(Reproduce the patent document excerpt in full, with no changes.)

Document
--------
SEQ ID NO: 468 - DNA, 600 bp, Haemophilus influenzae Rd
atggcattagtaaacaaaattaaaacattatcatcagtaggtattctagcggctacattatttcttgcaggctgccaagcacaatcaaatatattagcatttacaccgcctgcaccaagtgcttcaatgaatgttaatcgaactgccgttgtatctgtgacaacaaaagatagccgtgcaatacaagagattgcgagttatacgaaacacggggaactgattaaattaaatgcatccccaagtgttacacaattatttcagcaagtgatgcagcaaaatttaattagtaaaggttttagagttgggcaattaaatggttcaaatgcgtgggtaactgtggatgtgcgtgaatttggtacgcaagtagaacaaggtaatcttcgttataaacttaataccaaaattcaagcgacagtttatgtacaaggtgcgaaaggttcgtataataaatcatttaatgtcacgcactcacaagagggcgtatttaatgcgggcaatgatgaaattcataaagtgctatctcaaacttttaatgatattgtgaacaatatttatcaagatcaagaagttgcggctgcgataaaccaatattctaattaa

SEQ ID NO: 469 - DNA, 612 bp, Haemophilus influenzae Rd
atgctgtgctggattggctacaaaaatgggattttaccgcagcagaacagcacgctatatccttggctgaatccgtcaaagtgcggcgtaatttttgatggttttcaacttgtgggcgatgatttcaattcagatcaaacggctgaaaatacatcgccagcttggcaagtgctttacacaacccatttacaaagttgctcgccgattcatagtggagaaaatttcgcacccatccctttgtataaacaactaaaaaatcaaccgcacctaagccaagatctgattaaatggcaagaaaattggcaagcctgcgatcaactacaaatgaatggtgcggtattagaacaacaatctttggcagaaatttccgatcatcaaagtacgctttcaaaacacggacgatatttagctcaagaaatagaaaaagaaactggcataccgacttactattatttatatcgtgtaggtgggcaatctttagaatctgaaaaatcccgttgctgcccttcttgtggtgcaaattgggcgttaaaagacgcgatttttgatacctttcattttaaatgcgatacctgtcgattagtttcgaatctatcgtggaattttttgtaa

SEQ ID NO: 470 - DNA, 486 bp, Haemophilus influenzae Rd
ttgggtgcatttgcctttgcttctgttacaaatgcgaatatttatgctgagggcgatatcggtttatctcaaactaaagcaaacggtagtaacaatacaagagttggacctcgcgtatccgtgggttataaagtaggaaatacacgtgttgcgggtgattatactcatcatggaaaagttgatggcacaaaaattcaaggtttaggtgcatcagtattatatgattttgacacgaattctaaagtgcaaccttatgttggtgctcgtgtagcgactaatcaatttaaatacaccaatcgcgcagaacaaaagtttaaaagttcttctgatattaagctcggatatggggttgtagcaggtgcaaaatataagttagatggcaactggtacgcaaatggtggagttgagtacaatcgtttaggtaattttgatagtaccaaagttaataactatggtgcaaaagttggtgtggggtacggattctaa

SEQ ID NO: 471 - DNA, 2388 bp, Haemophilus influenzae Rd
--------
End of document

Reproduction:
SEQ ID NO: 468 - DNA, 600 bp, Haemophilus influenzae Rd
atggcattagtaaacaaaattaaaacattatcatcagtaggtattctagcggctacattatttcttgcaggctgccaagcacaatcaaatatattagcatttacaccgcctgcaccaagtgcttcaatgaatgttaatcgaactgccgttgtatctgtgacaacaaaagatagccgtgcaatacaagagattgcgagttatacgaaacacggggaactgattaaattaaatgcatccccaagtgttacacaattatttcagcaagtgatgcagcaaaatttaattagtaaaggttttagagttgggcaattaaatggttcaaatgcgtgggtaactgtggatgtgcgtgaatttggtacgcaagtagaacaaggtaatcttcgttataaacttaataccaaaattcaagcgacagtttatgtacaaggtgcgaaaggttcgtataataaatcatttaatgtcacgcactcacaagagggcgtatttaatgcgggcaatgatgaaattcataaagtgctatctcaaacttttaatgatattgtgaacaatatttatcaagatcaagaagttgcggctgcgataaaccaatattctaattaa

SEQ ID NO: 469 - DNA, 612 bp, Haemophilus influenzae Rd
atgctgtgctggattggctacaaaaatgggattttaccgcagcagaacagcacgctatatccttggctgaatccgtcaaagtgcggcgtaatttttgatggttttcaacttgtgggcgatgatttcaattcagatcaaacggctgaaaatacatcgccagcttggcaagtgctttacacaacccatttacaaagttgctcgccgattcatagtggagaaaatttcgcacccatccctttgtataaacaactaaaaaatcaaccgcacctaagccaagatctgattaaatggcaagaaaattggcaagcctgcgatcaactacaaatgaatggtgcggtattagaacaacaatctttggcagaaatttccgatcatcaaagtacgctttcaaaacacggacgatatttagctcaagaaatagaaaaagaaactggcataccgacttactattatttatatcgtgtaggtgggcaatctttagaatctgaaaaatcccgttgctgcccttcttgtggtgcaaattgggcgttaaaagacgcgatttttgatacctttcattttaaatgcgatacctgtcgattagtttcgaatctatcgtggaattttttgtaa

SEQ ID NO: 470 - DNA, 486 bp, Haemophilus influenzae Rd
ttgggtgcatttgcctttgcttctgttacaaatgcgaatatttatgctgagggcgatatcggtttatctcaaactaaagcaaacggtagtaacaatacaagagttggacctcgcgtatccgtgggttataaagtaggaaatacacgtgttgcgggtgattatactcatcatggaaaagttgatggcacaaaaattcaaggtttaggtgcatcagtattatatgattttgacacgaattctaaagtgcaaccttatgttggtgctcgtgtagcgactaatcaatttaaatacaccaatcgcgcagaacaaaagtttaaaagttcttctgatattaagctcggatatggggttgtagcaggtgcaaaatataagttagatggcaactggtacgcaaatggtggagttgagtacaatcgtttaggtaattttgatagtaccaaagttaataactatggtgcaaaagttggtgtggggtacggattctaa

SEQ ID NO: 471 - DNA, 2388 bp, Haemophilus influenzae Rd